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Tropics of HaitiRace and the Literary History of the Haitian Revolution in the Atlantic World, 1789-1865$
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Marlene L. Daut

Print publication date: 2015

Print ISBN-13: 9781781381847

Published to Liverpool Scholarship Online: May 2016

DOI: 10.5949/liverpool/9781781381847.001.0001

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PRINTED FROM LIVERPOOL SCHOLARSHIP ONLINE (www.liverpool.universitypressscholarship.com). (c) Copyright Liverpool University Press, 2021. All Rights Reserved. An individual user may print out a PDF of a single chapter of a monograph in LSO for personal use.date: 03 August 2021

‘Born to Command’: Leonora Sansay and the Paradoxes of Female Benevolence as Resistance in Zelica; the Creole

‘Born to Command’: Leonora Sansay and the Paradoxes of Female Benevolence as Resistance in Zelica; the Creole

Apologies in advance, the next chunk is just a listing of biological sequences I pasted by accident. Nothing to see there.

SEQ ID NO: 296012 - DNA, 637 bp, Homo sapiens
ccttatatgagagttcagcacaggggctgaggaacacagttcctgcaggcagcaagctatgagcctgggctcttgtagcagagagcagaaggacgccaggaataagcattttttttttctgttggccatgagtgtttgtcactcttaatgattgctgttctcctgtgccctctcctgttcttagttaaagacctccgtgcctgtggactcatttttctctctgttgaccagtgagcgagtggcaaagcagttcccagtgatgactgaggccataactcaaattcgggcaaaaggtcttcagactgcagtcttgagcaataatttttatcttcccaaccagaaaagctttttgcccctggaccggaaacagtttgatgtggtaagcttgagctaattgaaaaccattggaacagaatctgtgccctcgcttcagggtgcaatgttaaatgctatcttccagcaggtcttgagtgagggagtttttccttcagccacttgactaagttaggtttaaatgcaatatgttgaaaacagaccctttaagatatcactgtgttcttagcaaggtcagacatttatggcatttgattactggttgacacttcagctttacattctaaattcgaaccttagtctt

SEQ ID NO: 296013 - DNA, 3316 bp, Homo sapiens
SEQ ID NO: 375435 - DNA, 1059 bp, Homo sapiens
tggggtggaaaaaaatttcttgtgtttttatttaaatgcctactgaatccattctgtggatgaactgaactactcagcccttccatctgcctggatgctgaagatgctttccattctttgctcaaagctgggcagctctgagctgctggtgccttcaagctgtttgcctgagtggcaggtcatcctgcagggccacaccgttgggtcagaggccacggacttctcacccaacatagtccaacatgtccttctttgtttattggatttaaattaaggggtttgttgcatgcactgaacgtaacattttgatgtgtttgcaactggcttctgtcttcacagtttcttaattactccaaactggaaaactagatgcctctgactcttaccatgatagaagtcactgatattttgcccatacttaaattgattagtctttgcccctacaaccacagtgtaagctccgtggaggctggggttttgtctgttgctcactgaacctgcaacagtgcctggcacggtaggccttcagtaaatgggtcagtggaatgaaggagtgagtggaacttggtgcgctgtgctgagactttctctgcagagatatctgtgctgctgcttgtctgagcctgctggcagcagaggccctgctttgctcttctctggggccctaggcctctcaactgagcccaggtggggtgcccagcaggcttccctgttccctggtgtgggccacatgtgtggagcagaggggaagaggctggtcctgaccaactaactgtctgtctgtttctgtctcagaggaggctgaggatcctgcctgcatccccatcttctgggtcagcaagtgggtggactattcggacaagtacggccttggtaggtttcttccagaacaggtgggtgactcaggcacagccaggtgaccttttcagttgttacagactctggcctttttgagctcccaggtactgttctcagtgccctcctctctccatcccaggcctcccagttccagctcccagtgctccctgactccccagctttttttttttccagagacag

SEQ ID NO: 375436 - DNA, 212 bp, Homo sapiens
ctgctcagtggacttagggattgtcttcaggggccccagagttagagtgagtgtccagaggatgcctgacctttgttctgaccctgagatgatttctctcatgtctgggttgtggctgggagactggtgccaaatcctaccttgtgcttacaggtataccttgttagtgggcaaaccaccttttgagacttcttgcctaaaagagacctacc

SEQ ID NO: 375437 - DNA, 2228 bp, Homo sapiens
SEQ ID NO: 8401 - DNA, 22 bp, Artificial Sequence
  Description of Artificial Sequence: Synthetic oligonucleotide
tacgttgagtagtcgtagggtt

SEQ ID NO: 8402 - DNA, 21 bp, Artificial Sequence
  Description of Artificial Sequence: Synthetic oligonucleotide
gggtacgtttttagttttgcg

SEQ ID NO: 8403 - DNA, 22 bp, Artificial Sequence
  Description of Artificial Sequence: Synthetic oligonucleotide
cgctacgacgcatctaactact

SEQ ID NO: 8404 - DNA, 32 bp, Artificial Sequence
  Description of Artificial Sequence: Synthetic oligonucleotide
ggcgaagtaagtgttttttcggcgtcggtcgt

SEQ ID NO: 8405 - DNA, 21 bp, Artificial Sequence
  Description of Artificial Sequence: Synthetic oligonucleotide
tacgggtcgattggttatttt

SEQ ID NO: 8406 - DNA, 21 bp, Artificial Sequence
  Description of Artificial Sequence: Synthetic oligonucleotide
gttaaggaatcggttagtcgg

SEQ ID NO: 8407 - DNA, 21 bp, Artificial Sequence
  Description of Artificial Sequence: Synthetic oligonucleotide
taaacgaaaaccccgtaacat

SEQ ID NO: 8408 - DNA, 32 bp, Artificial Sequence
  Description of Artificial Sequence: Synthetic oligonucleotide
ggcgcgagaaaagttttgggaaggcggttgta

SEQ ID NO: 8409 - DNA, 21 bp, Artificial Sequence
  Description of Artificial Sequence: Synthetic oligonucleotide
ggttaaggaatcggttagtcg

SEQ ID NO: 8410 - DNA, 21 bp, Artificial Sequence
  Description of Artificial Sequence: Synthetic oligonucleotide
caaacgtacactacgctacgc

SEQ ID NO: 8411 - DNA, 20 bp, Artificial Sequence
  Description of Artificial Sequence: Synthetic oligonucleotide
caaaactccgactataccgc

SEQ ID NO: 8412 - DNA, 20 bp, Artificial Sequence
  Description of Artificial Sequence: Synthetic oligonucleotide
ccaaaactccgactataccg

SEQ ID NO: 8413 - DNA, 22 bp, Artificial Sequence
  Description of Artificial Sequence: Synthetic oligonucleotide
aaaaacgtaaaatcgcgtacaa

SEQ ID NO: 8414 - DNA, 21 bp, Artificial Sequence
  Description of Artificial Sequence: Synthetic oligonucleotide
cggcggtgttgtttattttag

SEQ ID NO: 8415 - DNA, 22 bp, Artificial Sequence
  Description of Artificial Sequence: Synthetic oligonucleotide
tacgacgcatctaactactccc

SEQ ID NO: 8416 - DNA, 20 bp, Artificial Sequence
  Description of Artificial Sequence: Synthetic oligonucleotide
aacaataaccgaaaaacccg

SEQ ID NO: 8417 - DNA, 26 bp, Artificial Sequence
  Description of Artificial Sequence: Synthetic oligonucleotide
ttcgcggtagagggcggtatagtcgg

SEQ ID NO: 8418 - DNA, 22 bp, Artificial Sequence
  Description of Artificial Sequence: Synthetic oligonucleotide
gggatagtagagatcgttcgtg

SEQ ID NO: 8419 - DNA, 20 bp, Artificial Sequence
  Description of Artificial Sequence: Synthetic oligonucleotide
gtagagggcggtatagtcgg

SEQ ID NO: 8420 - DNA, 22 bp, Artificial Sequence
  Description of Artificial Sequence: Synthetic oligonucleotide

Chapter:
(p.253) Chapter Five ‘Born to Command’: Leonora Sansay and the Paradoxes of Female Benevolence as Resistance in Zelica; the Creole
Source:
Tropics of Haiti
Author(s):

Marlene L. Daut

Publisher:
Liverpool University Press
DOI:10.5949/liverpool/9781781381847.003.0006

Examines the three-volume novel Zelica; the Creole (1820), most often attributed to Leonora Sansay. The author argues that Zelica ambivalently constructs a narrative in which during the Revolution, women of color become the principle guardians of “white” women, whom they protect from both men of color and male European colonists. In addition, the novel provokes questions about the nature of a gendered revolution that often made no room for benevolence and kindness as a form of rebellion against authority.

Keywords:   Sansay, Hassal, Benevolence, Abolition, Racism, Tropical Temptress, Patriarchy, Slavery, Haiti, Saint-Domingue, Americanness

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